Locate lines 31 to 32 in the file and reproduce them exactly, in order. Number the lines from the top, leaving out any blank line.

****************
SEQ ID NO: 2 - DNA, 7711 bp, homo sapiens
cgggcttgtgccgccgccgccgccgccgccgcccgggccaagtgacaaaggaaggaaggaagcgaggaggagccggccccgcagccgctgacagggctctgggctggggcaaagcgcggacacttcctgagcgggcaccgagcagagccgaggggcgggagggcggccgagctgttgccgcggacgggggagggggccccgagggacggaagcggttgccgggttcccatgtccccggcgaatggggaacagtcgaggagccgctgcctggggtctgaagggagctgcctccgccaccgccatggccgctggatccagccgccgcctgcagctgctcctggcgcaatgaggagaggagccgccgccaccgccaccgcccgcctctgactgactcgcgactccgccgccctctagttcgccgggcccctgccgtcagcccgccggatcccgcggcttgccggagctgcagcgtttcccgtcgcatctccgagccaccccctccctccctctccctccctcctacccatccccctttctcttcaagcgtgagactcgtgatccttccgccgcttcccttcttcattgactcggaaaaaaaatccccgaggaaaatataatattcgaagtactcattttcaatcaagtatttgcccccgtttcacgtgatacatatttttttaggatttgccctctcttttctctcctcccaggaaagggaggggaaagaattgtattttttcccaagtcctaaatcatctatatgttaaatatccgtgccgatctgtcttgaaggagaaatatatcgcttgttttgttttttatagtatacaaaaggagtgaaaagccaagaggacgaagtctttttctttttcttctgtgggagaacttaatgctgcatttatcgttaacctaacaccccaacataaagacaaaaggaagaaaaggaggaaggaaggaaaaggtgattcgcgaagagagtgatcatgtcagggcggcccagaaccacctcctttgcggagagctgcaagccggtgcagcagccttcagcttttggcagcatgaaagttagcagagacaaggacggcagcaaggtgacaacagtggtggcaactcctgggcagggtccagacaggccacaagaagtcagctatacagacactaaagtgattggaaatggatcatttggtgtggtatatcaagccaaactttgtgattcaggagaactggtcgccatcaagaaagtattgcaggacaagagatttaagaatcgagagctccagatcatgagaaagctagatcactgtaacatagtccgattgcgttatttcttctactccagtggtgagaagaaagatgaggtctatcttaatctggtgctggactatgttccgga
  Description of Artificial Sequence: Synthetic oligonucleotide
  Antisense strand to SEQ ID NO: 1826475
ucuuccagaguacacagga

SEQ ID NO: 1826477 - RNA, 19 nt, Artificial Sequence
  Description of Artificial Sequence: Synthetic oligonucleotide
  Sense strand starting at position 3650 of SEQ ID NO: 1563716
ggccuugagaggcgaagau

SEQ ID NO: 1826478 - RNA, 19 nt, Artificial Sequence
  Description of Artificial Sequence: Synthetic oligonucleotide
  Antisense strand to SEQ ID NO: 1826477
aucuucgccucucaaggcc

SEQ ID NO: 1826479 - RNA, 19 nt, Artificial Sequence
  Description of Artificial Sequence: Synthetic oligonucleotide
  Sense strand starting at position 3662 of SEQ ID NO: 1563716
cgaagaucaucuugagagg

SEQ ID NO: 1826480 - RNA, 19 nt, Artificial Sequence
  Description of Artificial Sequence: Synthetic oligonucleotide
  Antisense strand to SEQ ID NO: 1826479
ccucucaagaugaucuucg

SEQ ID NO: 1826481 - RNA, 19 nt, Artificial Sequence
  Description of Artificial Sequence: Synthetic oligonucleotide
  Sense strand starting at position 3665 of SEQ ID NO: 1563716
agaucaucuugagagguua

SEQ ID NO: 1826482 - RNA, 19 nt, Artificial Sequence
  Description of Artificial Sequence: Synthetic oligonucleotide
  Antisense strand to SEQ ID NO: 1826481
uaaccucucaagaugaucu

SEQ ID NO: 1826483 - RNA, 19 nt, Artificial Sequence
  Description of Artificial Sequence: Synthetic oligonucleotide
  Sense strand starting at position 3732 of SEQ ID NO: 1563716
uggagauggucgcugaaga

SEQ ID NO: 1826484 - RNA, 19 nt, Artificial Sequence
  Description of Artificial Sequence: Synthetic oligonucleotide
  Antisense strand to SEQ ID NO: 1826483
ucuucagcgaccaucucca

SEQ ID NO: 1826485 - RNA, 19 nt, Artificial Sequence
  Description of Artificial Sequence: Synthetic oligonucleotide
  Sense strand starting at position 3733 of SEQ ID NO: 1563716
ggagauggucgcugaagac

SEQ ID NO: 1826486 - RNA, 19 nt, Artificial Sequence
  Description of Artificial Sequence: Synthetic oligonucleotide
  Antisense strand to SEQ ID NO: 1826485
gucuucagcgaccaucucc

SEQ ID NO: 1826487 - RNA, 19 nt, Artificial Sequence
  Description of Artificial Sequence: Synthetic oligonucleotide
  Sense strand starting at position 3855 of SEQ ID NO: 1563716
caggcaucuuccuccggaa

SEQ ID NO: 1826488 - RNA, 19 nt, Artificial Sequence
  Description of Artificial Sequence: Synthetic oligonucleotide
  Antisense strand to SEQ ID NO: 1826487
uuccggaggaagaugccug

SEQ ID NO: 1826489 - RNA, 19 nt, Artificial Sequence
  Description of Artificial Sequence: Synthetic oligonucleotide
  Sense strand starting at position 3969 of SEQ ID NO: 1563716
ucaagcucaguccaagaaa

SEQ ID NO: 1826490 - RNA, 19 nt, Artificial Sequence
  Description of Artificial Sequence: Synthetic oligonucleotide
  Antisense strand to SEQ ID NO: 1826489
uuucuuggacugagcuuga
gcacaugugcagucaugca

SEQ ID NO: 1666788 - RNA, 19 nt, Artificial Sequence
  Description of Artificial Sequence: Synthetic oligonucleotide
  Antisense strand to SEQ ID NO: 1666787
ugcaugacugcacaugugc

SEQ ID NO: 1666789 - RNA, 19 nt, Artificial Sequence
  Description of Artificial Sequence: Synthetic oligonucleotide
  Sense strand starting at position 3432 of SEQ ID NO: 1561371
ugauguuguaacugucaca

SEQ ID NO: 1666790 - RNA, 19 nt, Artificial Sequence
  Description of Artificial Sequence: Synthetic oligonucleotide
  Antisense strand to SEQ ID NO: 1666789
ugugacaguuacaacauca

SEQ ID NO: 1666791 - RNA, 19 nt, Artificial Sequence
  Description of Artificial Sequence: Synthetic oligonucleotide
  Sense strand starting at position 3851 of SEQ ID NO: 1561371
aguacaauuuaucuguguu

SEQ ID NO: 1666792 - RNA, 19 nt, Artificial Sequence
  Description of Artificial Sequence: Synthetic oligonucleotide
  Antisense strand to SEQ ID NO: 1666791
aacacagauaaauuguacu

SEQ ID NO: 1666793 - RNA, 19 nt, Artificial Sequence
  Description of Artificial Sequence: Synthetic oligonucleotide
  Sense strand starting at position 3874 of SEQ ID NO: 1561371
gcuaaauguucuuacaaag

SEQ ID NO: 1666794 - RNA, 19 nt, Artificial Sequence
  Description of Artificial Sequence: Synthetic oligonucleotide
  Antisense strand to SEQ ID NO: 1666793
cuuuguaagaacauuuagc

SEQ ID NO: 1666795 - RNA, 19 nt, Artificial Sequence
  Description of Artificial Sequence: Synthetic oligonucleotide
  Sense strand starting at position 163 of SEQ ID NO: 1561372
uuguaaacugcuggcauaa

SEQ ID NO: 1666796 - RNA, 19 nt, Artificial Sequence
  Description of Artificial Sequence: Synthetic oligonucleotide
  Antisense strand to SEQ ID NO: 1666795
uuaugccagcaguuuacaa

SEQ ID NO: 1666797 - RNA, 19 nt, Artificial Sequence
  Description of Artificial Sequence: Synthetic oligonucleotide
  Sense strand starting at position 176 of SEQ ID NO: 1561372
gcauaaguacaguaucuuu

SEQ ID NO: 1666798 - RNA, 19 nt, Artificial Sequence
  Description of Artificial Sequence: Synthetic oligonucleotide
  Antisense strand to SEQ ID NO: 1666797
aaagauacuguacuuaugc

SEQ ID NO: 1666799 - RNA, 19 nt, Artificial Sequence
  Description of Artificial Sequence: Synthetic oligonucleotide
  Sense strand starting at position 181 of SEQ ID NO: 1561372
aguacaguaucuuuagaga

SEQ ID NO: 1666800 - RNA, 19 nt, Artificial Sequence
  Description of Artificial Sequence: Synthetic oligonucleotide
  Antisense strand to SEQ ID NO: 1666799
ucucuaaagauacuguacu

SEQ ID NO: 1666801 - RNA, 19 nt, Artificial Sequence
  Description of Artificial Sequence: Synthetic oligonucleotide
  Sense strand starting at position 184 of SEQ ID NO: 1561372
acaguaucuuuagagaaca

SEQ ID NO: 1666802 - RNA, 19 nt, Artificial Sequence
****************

  Description of Artificial Sequence: Synthetic oligonucleotide
  Sense strand starting at position 3732 of SEQ ID NO: 1563716